Biggest context, our 'brave' Karen didn't say "Boo!" while Barack Obama was president.  She's a Democratic Party operative, she is not an independent voice, she is not ethical.

Vote Vets (wisely called "vote schmucks" by Rebecca) depends on non-veterans like Karen mainly because they ran off so many veterans.  Vets believed wrongly in the organization.  We got into several disagreements and arguments when the group began and then, when Barack became president, those vets who insisted I was wrong about Vote Vets saw reality and e-mailed that they had been used and lied to.

Front groups rarely tell the truth.

They tend to out themselves.

“Mr. Trump, stop. Please, just stop,” said Karen Meredith, who lost her son in Iraq in 2004

"It is about all of us who lost our loved ones in war."

Whether you agree with that statement or not (this is about a war on Iraq, Karen, not just about your feelings), it is after that sentence that she tips her hands, "For once in your life, please stop making everything about you."

And, actually, her full statement then continues, "For once in your life, at least pretend to know what empathy is.  For once in your life, at least try to care about other people and their feelings."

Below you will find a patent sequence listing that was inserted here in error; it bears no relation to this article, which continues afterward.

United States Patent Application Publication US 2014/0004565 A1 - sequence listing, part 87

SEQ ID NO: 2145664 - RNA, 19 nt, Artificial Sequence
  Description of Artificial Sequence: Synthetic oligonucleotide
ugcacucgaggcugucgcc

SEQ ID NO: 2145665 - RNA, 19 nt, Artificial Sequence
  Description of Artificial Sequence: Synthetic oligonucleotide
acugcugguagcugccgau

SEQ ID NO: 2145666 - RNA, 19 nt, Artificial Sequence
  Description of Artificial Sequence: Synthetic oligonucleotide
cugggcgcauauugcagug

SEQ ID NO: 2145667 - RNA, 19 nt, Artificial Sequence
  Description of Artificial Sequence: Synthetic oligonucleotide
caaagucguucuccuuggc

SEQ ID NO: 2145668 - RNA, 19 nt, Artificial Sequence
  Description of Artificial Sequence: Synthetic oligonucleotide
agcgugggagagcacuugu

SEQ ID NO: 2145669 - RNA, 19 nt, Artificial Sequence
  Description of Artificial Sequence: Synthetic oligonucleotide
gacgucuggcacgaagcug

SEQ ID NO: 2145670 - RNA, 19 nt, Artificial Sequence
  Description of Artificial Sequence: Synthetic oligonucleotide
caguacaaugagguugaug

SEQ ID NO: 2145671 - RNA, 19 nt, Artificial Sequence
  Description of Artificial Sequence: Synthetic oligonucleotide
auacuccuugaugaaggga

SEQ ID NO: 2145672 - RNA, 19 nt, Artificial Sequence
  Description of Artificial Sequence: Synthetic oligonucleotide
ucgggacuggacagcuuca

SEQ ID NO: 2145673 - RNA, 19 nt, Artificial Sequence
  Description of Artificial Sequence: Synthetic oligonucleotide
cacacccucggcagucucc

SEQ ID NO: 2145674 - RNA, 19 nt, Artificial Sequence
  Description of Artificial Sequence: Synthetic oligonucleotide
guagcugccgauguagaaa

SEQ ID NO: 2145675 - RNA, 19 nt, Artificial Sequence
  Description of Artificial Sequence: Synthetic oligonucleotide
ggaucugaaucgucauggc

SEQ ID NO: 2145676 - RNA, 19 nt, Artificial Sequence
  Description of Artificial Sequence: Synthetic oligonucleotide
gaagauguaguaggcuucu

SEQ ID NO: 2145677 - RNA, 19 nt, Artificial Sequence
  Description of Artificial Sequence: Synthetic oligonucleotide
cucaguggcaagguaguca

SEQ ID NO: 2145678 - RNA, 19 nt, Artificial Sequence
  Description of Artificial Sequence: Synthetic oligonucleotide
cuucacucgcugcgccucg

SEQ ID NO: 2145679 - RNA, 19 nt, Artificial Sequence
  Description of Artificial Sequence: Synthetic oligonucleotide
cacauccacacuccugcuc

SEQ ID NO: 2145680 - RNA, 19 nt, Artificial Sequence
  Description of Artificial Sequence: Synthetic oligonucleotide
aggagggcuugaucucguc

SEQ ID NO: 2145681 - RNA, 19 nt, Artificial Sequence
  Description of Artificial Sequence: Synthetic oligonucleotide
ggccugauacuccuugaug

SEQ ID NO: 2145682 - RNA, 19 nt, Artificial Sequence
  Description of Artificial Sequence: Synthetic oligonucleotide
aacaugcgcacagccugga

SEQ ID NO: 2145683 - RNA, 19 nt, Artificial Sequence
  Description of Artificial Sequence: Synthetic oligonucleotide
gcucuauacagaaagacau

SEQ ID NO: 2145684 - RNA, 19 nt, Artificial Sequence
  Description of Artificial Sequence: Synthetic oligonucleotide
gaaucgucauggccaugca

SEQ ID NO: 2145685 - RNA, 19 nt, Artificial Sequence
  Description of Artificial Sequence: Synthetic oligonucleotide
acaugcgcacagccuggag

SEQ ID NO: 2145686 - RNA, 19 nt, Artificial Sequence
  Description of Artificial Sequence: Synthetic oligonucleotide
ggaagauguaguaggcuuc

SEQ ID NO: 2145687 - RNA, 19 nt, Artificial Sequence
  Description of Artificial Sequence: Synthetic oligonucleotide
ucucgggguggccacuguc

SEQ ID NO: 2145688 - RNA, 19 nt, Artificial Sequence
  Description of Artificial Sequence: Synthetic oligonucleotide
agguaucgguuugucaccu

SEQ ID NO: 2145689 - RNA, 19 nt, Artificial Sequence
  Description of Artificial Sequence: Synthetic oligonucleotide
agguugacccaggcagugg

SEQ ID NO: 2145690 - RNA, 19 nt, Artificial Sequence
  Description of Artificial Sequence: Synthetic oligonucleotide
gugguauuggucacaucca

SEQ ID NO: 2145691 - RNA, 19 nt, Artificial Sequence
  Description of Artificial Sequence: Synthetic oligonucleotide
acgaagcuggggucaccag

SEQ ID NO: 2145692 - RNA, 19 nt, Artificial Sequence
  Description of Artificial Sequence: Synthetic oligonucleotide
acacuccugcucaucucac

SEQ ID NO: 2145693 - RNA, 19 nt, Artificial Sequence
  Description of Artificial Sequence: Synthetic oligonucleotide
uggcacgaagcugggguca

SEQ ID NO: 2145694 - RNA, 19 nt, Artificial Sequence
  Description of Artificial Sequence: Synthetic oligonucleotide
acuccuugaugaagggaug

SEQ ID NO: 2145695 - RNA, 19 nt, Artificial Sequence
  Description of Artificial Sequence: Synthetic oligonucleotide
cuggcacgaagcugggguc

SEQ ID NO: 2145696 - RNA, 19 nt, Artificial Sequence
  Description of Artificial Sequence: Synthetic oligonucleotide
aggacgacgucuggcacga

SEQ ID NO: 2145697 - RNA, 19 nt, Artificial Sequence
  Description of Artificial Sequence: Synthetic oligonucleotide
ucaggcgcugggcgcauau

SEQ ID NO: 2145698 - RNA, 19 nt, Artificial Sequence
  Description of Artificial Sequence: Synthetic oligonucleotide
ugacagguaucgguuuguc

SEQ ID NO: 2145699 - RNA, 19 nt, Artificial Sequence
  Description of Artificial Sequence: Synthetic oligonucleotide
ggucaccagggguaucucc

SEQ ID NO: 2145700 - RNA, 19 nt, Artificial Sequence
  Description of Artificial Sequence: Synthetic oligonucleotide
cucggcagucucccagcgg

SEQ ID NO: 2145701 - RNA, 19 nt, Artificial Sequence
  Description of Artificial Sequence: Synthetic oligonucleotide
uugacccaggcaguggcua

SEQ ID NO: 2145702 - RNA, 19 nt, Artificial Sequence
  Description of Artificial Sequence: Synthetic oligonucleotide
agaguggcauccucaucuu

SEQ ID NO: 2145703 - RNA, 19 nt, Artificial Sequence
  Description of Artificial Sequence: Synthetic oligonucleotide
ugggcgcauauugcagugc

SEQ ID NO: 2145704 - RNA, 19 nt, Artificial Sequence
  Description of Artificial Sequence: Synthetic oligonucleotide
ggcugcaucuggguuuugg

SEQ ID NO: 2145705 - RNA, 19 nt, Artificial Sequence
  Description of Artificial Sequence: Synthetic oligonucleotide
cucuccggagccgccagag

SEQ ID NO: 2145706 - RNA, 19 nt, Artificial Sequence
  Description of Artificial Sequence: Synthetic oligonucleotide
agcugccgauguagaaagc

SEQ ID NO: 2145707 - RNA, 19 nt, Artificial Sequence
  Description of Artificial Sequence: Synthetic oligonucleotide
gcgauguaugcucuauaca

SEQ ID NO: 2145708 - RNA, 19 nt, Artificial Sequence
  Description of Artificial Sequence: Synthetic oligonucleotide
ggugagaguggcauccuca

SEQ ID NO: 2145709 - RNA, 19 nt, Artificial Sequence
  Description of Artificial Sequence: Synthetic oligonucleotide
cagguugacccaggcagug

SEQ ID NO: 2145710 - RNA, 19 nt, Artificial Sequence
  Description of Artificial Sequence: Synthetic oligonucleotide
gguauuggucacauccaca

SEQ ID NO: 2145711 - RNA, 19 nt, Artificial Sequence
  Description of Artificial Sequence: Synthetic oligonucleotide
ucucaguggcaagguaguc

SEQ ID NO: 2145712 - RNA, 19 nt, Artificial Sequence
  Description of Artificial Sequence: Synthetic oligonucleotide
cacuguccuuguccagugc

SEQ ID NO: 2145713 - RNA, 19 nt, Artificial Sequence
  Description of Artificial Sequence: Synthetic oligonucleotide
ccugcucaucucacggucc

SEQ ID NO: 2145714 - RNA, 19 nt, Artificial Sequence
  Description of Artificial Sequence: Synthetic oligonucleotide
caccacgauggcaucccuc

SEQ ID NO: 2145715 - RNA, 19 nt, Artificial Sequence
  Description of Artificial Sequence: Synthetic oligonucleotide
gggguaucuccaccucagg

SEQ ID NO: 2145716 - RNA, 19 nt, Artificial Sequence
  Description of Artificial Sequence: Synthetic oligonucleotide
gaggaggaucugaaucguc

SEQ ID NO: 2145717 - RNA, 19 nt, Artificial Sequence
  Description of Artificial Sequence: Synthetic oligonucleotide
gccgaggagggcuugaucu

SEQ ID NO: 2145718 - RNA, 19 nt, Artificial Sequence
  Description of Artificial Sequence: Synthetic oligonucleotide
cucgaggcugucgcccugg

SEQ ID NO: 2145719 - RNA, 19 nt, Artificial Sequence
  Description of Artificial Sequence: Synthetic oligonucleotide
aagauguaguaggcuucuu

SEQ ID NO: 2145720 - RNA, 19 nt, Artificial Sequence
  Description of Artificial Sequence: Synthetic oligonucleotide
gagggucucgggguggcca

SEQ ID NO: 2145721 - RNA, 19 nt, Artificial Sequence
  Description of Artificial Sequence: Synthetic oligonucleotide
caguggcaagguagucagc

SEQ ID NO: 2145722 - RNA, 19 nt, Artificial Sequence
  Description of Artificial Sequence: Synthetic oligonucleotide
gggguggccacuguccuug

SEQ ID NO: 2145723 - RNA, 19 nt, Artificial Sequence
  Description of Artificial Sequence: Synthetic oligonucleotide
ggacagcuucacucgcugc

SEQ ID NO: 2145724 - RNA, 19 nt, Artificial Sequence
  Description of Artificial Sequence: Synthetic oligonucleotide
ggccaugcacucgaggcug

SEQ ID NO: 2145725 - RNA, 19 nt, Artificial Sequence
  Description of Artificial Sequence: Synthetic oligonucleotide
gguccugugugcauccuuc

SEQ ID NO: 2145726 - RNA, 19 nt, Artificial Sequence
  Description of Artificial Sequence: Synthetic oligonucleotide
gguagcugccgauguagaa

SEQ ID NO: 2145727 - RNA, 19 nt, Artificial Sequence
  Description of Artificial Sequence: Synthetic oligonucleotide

It's an attack, that's all it is.

She presumes to know everything about Donald Trump and she really doesn't know anything at all.

Unlike fake ass Karen, I've hated Donald Trump for years -- and with good reason.  Unlike fake ass Karen, I wouldn't suggest that he's never had a moment of empathy in his life, or that he's never been able to care about other people and their feelings.

She's a fake and a fraud, using her son's death to pimp the Democratic Party.

Here's reality for Karen, her son is dead and she's not trying to end the war that is killing Iraqis and Americans to this day.  Here's reality for Karen, she pops up to play 'wise' voice whenever a Republican occupies the White House.

Imagine it's 2007 and you've just returned from Iraq.  The war has not gone well in your eyes (some veterans feel that way, some don't, there's a large variety of opinions).  There's a group, Vote Vets, that are decrying Bully Boy Bush and leading you to believe that they are going to push for the end of the Iraq War.  Then Barack gets elected and they go silent.